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Transcript

  • 1. AN INTRODUCTION TO -----
  • 2. Liberty When an individual has the right to behave according to one’s own personal responsibility & free will
  • 3. LIBERALISM • Liberalism is a political current embracing several historical and present-day ideologies that claim defence of individual liberty as the purpose of government. • It typically favours the right to dissent from orthodox tenets or established authorities in political or religious matters. In this respect, it is sometimes held in contrast to conservatism. • Since liberalism also focuses on the ability of individuals to structure a society, it is almost always opposed to totalitarianism, and often to collectivist ideologies, particularly communism.
  • 4. ORIGINS OF LIBERAL IDEOLOGY • The origins of liberalism in the Enlightenment era contrasted this philosophy to feudalism and mercantilism. • Later, as more radical philosophies articulated themselves in the course of the French Revolution and through the nineteenth century, liberalism equally defined itself in contrast to socialism and communism, • Although some adherents of liberalism sympathize with some of the aims and methods of social democracy.
  • 5. LIBERAL PHILOSOPHERS
  • 6. PRINCIPALS OF LIBERALISM • • • • • • • • • • • Stress on individual liberty Tolerance Equal rights and protection of rights Strong constitutional controls on government Equality of opportunity Social justice Welfare state Removal of artificial privilege Anti discrimination Stress on democratic values Separation of Church & State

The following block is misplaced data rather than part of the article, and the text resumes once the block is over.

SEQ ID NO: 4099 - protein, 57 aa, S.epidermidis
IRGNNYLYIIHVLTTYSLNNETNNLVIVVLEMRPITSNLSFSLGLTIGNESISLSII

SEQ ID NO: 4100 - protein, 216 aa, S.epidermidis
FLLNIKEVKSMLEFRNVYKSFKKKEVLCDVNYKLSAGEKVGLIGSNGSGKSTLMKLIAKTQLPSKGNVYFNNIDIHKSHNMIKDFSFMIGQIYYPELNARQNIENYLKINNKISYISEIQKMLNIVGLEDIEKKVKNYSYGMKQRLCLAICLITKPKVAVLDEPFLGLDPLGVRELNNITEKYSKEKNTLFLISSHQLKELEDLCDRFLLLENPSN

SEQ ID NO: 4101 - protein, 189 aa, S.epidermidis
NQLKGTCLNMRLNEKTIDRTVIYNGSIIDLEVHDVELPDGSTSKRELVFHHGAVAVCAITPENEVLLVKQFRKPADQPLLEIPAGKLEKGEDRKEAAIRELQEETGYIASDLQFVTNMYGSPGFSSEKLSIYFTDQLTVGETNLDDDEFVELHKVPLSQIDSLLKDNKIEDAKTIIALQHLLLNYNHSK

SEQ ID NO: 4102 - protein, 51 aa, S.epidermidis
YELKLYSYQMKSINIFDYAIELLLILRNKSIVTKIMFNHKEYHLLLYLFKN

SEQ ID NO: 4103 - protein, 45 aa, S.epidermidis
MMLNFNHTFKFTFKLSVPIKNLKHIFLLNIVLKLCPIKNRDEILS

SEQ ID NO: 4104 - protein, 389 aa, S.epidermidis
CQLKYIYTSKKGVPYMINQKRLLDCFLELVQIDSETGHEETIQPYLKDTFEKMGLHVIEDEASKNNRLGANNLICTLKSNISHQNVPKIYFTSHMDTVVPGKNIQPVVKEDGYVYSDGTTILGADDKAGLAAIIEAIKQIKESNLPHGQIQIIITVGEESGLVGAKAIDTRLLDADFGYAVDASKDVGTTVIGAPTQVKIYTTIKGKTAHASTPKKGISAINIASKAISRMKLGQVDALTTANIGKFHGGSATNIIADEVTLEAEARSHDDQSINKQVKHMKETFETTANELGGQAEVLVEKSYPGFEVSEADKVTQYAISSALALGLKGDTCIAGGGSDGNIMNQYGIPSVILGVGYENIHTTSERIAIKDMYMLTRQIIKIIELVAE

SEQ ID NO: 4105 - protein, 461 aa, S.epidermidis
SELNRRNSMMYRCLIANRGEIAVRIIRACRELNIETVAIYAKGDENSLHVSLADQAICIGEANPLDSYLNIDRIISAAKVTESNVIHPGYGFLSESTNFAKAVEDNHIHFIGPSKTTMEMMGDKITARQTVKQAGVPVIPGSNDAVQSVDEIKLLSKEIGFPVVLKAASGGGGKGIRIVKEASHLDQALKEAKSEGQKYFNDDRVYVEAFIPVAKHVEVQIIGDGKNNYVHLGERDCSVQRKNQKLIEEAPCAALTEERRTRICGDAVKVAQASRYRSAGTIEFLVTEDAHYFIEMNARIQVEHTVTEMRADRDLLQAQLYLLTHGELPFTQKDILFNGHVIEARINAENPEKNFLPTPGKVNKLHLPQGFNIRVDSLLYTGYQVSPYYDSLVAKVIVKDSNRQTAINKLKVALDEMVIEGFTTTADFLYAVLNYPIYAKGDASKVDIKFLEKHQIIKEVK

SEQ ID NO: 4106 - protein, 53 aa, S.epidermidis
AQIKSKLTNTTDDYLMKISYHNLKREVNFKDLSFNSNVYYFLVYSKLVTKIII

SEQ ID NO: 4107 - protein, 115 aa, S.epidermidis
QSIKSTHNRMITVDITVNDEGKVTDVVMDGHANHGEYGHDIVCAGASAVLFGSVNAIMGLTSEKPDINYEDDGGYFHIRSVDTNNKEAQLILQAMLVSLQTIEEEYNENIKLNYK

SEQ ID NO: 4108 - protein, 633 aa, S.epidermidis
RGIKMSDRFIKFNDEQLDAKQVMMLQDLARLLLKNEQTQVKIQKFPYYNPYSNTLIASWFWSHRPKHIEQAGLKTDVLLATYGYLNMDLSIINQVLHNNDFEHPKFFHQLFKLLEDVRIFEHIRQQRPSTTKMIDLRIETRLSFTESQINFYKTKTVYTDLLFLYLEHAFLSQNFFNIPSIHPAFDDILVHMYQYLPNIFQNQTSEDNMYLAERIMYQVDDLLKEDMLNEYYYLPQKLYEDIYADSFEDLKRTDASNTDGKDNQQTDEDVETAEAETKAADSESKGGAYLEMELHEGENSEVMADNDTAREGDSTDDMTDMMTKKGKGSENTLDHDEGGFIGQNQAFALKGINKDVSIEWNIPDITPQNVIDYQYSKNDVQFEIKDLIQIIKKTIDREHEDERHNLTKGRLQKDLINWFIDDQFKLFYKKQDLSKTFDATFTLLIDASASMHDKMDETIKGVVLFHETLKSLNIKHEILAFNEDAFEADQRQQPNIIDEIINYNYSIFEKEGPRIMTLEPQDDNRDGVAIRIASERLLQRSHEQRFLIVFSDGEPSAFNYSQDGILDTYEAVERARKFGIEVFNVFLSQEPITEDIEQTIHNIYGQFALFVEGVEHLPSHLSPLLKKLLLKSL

• 7. THERE ARE 4 TYPES OF LIBERALISM:
  • 8. CLASSICAL LIBERALISM • Idea of Limited government and HIGH Liberty of individuals – Freedom of religion, press, speech, etc. Free Markets, more referendums & reforms. • Power to the people (self-reliant) • Government is always in danger of becoming a tyranny so it should be limited
  • 9. SOCIAL/MODERN LIBERALISM • Liberty of individuals has created inequalities. Therefore, government intervention is required and its role is to address unemployment, health care & education • The state should ‘help individuals to help themselves’ Neo Liberalism
  • 10. NEO LIBERALISM • Against Social/Modern Liberalism – Late 20th Century – Thought that government had too much control = reduction in government & provision of services • Government continued to provide social services and retained control over economic policy Liberal International
  • 11. LIBERAL INTERNATIONAL • The main international organisation of Liberal Parties • Emphasis on: Human Rights, free & fair elections, multiparty democracies, social justice, tolerance, social market economies, free trade, environmental sustainability and a strong sense of international solidarity
  • 12. SOCIAL LIBERALS VS. MARKET LIBERALS • Both believe in Basic Human Rights & Political Freedoms BUT, Social Liberals see that the state should provide economic and social rights to the citizen whereas Market Liberals see the economy as a free market and there should be freedom in that sense
  • 13. DISCUSSION • Are there any liberal principles which are seriously contested in current UK politics?
  • 14. CONCLUSION • Liberal principles may be held, to a greater or lesser agree, by political figures who hold otherwise socialistic or conservative views. In other words, liberalism is not confined to the Liberal Democrat Party
  • 15. THE ENLIGHTENMENT • Was an intellectual movement in 18th-century Europe. The goal of the Enlightenment was to establish an authoritative ethics, aesthetics, and knowledge based on an "enlightened" rationality. • The movement's leaders viewed themselves as a courageous, elite body of intellectuals who were leading the world toward progress, out of a long period of irrationality, superstition, and tyranny which began during a historical period they called the Dark Ages. • This movement provided a framework for the American and French Revolutions, as well as the rise of capitalism and the birth of socialism